In the nearly eleven years that I've been married, I've taken to decorating my Christmas tree in stages, which is why it's been in my living room since Sunday, but is still not finished.
The first stage is just bringing it in the house. As our tree is plastic, this isn't terribly difficult. It just means five minutes of gyrating through the garage, and three minutes of work with a steak knife, cutting off last year's tape.
Then, we put it together, and plug it in. Because Fuzzy hates stringing lights on trees, and I hate untangling them at the end of the holidays, we invested in a pre-lit tree last year, and I'm still in love with it. Just as other people do with their cut trees, we let ours 'rest' overnight, with just the lights, before any ornaments are put on.
After the resting stage, we begin with the ornaments. When I was little, my mother and I would sit together, and open them all, and as each ornament went on the tree, we would talk about it – where it came from (a gift, a trip we took, etc.), and what it means – most of my ornaments represent some facet of my personality, and I've tried to incorporate Fuzzy into them as well. A tiny ballerina came from my very first Christmas present EVER, for example, and an angel sitting on a crescent moon is a piece from the mobile that hung over my crib when I was a baby.
As I've grown older, I've acquired enough ornaments to fill three plastic totes, including the sun and solar system, from Jeremy a couple years ago, a carousel frog and carousel lion from my aunt, last year, and the glass “rubber ducky” in a Santa hat that I added this year, along with a mermaid, and two seahorses, all in glass as well. I love the glass ones, but I also collect Santa Claus ornaments, and most of those are wooden.
Three totes worth is quite a lot of ornaments, almost too many for our seven-foot tree, but I can't bear to part with any, because they all have meaning. Even the little wooden basketball players are important, as they remind me of a Christmas spent with my grandparents, when my mother and I had to replace all their ornaments, because most had been dispersed among their children.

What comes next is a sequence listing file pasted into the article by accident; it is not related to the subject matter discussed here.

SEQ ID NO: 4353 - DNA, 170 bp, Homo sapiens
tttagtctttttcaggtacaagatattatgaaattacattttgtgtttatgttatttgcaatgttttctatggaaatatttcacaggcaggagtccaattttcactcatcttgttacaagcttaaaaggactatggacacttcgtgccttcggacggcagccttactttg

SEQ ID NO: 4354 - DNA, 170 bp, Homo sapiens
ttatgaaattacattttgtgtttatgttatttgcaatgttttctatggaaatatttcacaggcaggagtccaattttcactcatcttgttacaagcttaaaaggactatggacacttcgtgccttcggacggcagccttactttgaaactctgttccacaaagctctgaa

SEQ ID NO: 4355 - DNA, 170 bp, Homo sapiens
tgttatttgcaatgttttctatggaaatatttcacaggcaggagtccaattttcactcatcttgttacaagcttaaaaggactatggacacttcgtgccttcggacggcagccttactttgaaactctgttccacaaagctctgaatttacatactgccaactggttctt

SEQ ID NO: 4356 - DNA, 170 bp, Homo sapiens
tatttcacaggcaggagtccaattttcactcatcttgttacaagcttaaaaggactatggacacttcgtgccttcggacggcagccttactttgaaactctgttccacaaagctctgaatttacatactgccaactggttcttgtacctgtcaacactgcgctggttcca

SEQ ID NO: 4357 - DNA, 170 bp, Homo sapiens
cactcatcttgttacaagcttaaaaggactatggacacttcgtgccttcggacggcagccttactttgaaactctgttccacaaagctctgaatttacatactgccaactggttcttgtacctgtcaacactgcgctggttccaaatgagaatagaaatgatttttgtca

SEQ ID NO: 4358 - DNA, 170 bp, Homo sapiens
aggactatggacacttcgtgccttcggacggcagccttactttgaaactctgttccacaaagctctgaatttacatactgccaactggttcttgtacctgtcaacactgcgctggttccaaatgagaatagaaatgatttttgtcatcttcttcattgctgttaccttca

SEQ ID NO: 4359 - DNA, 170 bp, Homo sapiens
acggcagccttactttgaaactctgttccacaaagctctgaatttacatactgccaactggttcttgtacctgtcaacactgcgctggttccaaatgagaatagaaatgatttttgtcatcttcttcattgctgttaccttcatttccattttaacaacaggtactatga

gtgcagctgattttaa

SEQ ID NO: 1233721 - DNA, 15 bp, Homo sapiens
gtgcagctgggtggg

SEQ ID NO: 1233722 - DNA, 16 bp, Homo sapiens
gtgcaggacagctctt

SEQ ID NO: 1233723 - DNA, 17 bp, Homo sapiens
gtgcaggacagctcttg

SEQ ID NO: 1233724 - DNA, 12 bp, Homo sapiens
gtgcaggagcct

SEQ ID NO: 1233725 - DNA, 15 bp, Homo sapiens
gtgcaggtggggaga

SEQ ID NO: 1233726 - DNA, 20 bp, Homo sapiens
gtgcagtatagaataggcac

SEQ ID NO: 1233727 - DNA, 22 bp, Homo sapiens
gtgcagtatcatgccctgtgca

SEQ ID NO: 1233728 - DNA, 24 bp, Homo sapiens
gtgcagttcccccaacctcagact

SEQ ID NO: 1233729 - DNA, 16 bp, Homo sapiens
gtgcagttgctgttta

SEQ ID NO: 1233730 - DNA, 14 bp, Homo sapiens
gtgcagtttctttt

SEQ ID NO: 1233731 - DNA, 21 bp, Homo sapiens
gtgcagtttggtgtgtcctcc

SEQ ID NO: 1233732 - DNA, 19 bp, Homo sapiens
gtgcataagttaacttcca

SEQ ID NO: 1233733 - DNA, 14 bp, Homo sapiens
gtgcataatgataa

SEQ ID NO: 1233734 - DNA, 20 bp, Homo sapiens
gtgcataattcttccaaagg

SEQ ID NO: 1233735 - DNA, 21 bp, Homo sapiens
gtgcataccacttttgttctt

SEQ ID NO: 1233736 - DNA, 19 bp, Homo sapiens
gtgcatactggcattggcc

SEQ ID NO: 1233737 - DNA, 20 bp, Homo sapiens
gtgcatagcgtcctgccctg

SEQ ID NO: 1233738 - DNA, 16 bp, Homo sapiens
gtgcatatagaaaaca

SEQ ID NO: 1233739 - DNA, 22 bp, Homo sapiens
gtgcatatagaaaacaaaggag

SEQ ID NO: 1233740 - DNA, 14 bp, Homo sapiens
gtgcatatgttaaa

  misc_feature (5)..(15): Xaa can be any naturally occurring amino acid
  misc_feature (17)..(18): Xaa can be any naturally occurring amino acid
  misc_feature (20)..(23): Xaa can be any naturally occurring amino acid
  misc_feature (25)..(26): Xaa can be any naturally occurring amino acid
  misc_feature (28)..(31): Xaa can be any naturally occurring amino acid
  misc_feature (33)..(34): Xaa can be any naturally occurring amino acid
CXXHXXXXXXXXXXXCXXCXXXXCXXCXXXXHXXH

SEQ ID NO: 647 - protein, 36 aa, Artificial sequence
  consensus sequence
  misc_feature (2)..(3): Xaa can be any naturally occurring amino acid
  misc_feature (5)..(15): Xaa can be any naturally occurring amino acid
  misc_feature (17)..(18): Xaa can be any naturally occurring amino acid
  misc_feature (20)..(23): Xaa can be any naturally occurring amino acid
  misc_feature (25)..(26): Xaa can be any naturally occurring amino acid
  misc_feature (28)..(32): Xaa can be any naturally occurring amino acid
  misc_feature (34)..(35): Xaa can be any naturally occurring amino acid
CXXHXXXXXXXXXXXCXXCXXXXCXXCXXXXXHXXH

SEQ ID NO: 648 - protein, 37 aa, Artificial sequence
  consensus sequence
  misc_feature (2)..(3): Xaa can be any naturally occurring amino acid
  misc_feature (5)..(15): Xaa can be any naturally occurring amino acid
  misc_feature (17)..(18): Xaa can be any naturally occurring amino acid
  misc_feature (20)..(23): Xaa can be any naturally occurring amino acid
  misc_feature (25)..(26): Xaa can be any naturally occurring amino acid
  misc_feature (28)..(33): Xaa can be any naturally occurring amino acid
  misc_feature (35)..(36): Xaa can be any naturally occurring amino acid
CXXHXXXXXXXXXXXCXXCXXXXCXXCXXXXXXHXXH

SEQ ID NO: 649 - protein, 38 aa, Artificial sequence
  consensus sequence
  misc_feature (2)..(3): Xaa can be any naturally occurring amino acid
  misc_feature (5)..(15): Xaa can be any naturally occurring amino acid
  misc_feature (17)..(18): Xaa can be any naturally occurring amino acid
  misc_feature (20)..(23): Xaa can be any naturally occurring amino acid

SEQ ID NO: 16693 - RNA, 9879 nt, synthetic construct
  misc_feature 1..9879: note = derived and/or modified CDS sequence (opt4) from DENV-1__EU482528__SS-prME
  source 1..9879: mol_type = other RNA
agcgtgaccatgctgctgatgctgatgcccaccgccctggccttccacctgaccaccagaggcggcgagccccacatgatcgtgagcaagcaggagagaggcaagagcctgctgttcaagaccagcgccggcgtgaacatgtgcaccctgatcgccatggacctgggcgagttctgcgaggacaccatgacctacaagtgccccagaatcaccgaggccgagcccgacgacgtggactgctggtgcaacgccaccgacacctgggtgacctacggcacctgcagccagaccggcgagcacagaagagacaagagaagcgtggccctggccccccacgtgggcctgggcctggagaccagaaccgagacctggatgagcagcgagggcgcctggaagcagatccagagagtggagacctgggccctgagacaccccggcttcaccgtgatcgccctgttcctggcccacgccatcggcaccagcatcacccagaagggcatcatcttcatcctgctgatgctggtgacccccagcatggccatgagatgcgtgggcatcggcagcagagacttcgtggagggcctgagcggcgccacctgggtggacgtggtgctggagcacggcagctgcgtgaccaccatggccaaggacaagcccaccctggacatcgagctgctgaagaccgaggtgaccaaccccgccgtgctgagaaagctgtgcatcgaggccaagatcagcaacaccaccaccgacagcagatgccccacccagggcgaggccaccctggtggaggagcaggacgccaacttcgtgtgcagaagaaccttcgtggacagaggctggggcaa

When the ornaments are all on the tree, with the back of the tree holding those that are out of favor for one reason or another, I let it rest again, and just enjoy the effect. It's amazing how little figurines on strings combine with twinkle lights to turn a plastic tree into something magical.
Finally, I wrap the tree skirt around the base, and pile presents underneath, or, if there's room, set up a train around the base (I've loved trains since I was a little girl, building model railroads with my grandfather, who graciously let me wear his engineer hat.) I don't use tinsel, not because I don't like it – it's quite pretty in small doses – but because my Uncle Merrell used to be in charge of hanging the tinsel on the family tree, and the year he died, my mother and I left it off our tree as a memorial, and somehow, that decision became a tradition. With the dogs, it's probably better that we don't use the stuff, anyway.
The tree is finished at that point, and stays up til epiphany, or the weekend closest to it, because I like to have the lights and color through New Year's. The house, however, remains decorated for winter, at least through the beginning of February.